Many employers require their employees to sign agreements which contain covenants not to compete with the company. The enforceability of these restrictive provisions varies from state-to-state and depends on a variety of factors. A former employee who violates an enforceable non-compete agreement may be ordered to cease competitive activity and pay damages to the former employer. In other covenants, the restrictions may be deemed too restrictive and an undue restraint of trade.
A covenant not to compete is a promise by an employee that he or she will not compete with his or her employer for a specified period of time and/or within a particular geographic location. It may be contained within an employment agreement, or may be a separate contract. Agreements which prevent employees from competing with the employer while employed are enforceable in every jurisdiction. However, agreements which affect an employee’s conduct after employment termination are subject to stricter requirements regarding “reasonableness,” and are generally disallowed in some states, such as California which has enacted statutes against such agreements except in very narrow circumstances.
Even in states where such covenants are enforceable, courts generally disfavor them because they are anti-competitive. Nevertheless, such agreements will be enforced if the former employer can demonstrate the following:
- The employee received consideration at the time the agreement was signed;
- The agreement protects the employers legitimate business interest; and
- The agreement is reasonable to protect the employer, but not unduly burdensome to the employee who has a right to make a living.
Under the principles of contract law, all agreements must be supported by consideration in order to be enforceable. The employee signing the covenant not to compete must receive something of value in exchange for making the promise. If the agreement is signed prior to employment, the employment itself constitutes consideration. If, however, the agreement is signed after employment commences, the employee must receive something else of value in exchange for the agreement to be enforceable.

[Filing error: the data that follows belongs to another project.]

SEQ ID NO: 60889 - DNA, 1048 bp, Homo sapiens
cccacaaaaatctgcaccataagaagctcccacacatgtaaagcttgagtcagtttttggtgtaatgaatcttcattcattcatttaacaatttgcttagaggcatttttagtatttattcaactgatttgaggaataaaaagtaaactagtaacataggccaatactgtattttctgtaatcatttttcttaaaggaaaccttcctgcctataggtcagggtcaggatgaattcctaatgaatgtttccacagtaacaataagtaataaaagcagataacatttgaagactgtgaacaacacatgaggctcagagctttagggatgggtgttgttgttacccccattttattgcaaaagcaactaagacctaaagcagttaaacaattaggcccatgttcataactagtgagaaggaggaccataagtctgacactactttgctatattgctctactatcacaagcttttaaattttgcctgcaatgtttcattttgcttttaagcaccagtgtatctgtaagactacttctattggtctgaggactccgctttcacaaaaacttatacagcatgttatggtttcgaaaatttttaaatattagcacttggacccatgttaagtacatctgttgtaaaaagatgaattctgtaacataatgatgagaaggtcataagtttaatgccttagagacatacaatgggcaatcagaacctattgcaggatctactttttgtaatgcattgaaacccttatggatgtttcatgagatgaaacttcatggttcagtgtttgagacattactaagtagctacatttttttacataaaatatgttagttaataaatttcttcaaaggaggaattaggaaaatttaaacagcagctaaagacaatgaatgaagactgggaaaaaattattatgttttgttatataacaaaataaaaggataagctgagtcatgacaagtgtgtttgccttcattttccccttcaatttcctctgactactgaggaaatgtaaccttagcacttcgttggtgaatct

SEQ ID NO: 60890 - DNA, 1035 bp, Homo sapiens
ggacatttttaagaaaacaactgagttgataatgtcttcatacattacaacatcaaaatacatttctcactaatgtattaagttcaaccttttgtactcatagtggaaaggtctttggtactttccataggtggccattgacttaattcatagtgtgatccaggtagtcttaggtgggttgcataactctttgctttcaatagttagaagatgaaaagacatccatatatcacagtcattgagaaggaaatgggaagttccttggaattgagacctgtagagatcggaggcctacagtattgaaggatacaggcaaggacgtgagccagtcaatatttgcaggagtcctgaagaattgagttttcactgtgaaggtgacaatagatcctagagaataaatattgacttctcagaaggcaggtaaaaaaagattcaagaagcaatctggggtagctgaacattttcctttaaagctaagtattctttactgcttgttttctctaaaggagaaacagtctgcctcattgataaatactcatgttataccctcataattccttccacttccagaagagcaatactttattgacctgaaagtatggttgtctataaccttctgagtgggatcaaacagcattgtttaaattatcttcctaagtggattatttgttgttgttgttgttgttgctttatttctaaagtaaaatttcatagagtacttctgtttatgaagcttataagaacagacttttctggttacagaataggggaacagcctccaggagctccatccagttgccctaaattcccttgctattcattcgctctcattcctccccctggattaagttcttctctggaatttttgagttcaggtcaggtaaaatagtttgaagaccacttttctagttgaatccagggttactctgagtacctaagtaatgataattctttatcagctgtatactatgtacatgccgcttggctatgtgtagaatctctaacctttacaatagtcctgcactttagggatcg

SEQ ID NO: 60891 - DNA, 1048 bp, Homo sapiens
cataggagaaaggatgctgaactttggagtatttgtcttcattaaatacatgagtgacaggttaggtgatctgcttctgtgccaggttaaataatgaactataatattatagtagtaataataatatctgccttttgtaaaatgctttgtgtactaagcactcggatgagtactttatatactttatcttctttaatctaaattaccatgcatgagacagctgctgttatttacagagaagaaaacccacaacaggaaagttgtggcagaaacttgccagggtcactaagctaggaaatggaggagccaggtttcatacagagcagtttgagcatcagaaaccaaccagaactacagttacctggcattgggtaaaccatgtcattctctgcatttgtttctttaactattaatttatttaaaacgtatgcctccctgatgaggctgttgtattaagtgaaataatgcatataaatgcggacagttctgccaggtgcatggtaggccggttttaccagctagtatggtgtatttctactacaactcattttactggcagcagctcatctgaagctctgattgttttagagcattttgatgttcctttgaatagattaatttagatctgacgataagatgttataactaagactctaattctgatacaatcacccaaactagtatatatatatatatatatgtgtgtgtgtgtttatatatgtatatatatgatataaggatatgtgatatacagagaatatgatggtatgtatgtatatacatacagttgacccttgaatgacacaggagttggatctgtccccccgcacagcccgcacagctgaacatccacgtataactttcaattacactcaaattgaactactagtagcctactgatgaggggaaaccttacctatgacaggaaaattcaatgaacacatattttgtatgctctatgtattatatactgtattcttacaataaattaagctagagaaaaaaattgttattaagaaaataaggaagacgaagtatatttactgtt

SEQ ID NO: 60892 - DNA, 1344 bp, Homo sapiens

Legitimate Business Interest
Legitimate business interests can include protecting and preserving confidential information (trade secrets) and customer relationships. Most states recognize an employer’s right to prevent an employee from taking advantage of information acquired or relationships developed as a result of the employment arrangement, in order to later compete against the employer.
Based on the circumstances, a covenant must be reasonably necessary. If the covenant is overly broad, or unduly burdensome on the employee, the court may refuse to enforce the agreement. Therefore, the covenant must be reasonable in both duration and scope. If a covenant is overly broad, the court may narrow its scope or duration and enforce it accordingly. But if a covenant is so broad that is clearly was designed to prevent lawful competition, as opposed to protecting legitimate business interests, the court may strike down the agreement in its entirety.
To enforce a covenant not to compete, the employer can file a court action seeking an injunction against the employee’s continued violations of the agreement. The company can also seek monetary damages to cover losses resulting from the employee’s breach.